Health Personnel
    Patient Care
    Chronic Disease
    Nurses
    Delivery of Health Care

    Keywords

    • Chronic disease
    • Drug-related problem
    • Intervention
    • Pharmaceutical care
    • Pharmacist

    ASJC Scopus subject areas

    • Health Policy

    Cite this

    Pharmaceutical care issues identified by pharmacists in patients with diabetes, hypertension or hyperlipidaemia in primary care settings. / Chua, Siew Siang; Kok, Li Ching; Md Yusof, Faridah Aryani; Tang, Guang Hui; Lee, Shaun Wen Huey; Efendie, Benny; Paraidathathu, Thomas.

    In: BMC Health Services Research, Vol. 12, No. 1, 388, 2012.

    Research output: Contribution to journalArticle

    Chua, Siew Siang ; Kok, Li Ching ; Md Yusof, Faridah Aryani ; Tang, Guang Hui ; Lee, Shaun Wen Huey ; Efendie, Benny ; Paraidathathu, Thomas. / Pharmaceutical care issues identified by pharmacists in patients with diabetes, hypertension or hyperlipidaemia in primary care settings. In: BMC Health Services Research. 2012 ; Vol. 12, No. 1.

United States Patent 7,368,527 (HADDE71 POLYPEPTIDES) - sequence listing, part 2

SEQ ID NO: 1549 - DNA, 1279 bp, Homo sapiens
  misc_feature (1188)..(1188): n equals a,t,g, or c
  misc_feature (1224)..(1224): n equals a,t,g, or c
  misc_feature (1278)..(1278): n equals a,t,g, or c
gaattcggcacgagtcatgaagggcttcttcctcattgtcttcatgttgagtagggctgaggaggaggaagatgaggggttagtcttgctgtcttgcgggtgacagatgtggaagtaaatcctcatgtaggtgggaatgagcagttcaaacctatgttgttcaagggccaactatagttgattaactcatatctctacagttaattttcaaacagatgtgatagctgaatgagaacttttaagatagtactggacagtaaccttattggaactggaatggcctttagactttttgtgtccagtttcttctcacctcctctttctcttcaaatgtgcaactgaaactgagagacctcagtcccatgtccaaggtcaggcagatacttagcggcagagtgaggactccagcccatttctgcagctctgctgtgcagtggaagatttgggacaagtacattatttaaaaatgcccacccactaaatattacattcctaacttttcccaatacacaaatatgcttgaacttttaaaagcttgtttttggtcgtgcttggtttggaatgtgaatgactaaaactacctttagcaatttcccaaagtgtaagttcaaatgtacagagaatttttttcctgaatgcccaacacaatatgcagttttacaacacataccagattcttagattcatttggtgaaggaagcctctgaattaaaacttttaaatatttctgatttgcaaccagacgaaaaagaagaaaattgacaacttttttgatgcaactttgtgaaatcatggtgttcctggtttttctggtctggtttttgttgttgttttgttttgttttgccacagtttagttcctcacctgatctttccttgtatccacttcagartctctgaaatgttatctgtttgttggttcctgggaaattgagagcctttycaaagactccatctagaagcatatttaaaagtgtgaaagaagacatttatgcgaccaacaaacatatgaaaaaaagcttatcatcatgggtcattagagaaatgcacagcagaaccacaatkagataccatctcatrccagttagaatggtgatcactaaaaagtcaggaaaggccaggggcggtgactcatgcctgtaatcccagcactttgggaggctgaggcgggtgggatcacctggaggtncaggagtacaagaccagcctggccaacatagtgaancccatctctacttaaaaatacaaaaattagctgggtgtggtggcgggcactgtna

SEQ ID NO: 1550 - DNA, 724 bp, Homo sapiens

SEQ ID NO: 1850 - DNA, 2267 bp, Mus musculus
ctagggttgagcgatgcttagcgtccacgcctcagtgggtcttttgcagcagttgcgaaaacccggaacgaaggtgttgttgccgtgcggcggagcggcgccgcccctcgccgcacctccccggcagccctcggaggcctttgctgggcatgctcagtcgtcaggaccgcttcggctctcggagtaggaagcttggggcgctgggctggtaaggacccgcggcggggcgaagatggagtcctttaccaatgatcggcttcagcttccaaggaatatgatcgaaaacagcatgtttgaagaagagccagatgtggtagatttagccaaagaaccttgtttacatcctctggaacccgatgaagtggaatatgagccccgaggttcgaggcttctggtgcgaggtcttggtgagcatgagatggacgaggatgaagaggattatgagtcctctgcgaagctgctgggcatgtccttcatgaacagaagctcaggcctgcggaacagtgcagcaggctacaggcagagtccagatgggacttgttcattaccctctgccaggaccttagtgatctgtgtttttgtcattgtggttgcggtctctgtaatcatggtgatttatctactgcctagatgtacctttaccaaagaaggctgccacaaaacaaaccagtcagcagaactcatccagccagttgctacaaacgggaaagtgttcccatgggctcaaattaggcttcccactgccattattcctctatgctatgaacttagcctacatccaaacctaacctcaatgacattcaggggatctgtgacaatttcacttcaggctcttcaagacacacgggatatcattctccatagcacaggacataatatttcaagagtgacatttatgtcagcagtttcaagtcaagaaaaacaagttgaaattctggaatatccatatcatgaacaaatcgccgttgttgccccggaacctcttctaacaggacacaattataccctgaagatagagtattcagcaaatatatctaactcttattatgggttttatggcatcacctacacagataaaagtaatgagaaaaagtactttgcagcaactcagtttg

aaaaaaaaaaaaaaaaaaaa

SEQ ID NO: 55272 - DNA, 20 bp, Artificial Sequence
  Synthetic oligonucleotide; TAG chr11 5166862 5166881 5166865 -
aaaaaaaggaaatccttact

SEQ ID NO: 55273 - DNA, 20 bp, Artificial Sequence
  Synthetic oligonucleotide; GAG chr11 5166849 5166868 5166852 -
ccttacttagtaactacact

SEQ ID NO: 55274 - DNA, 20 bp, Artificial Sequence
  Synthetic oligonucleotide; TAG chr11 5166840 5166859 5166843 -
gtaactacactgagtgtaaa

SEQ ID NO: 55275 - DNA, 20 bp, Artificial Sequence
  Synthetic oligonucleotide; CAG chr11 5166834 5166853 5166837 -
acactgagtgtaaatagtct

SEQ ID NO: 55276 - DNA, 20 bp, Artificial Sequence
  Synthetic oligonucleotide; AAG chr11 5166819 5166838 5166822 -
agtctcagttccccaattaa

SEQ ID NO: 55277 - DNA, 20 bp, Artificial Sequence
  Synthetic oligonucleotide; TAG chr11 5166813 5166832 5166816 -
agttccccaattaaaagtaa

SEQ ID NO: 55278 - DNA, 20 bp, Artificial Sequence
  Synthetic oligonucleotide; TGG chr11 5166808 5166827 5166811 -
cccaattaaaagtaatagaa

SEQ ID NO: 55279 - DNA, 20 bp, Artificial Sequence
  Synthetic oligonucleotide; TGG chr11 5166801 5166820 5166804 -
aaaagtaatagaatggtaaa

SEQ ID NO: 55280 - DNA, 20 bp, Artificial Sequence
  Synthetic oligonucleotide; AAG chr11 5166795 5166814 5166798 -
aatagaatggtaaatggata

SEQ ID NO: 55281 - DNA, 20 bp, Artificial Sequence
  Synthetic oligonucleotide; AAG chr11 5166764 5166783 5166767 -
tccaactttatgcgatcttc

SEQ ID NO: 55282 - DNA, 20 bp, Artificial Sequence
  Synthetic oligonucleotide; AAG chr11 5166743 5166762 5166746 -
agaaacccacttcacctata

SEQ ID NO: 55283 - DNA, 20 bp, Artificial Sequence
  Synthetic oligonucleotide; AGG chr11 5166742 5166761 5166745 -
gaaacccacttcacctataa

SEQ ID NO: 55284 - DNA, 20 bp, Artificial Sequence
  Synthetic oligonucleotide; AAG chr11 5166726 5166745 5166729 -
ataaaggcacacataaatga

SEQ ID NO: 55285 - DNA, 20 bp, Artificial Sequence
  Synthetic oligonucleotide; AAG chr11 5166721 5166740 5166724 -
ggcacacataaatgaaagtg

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    abstract = "Background: The roles of pharmacists have evolved from product oriented, dispensing of medications to more patient-focused services such as the provision of pharmaceutical care. Such pharmacy service is also becoming more widely practised in Malaysia but is not well documented. Therefore, this study is warranted to fill this information gap by identifying the types of pharmaceutical care issues (PCIs) encountered by primary care patients with diabetes mellitus, hypertension or hyperlipidaemia in Malaysia. Methods. This study was part of a large controlled trial that evaluated the outcomes of multiprofessional collaboration which involved medical general practitioners, pharmacists, dietitians and nurses in managing diabetes mellitus, hypertension and hyperlipidaemia in primary care settings. A total of 477 patients were recruited by 44 general practitioners in the Klang Valley. These patients were counselled by the various healthcare professionals and followed-up for 6 months. Results: Of the 477 participants, 53.7{\%} had at least one PCI, with a total of 706 PCIs. These included drug-use problems (33.3{\%}), insufficient awareness and knowledge about disease condition and medication (20.4{\%}), adverse drug reactions (15.6{\%}), therapeutic failure (13.9{\%}), drug-choice problems (9.5{\%}) and dosing problems (3.4{\%}). Non-adherence to medications topped the list of drug-use problems, followed by incorrect administration of medications. More than half of the PCIs (52{\%}) were classified as probably clinically insignificant, 38.9{\%} with minimal clinical significance, 8.9{\%} as definitely clinically significant and could cause patient harm while one issue (0.2{\%}) was classified as life threatening. The main causes of PCIs were deterioration of disease state which led to failure of therapy, and also presentation of new symptoms or indications. Of the 338 PCIs where changes were recommended by the pharmacist, 87.3{\%} were carried out as recommended. Conclusions: This study demonstrates the importance of pharmacists working in collaboration with other healthcare providers especially the medical doctors in identifying and resolving pharmaceutical care issues to provide optimal care for patients with chronic diseases.",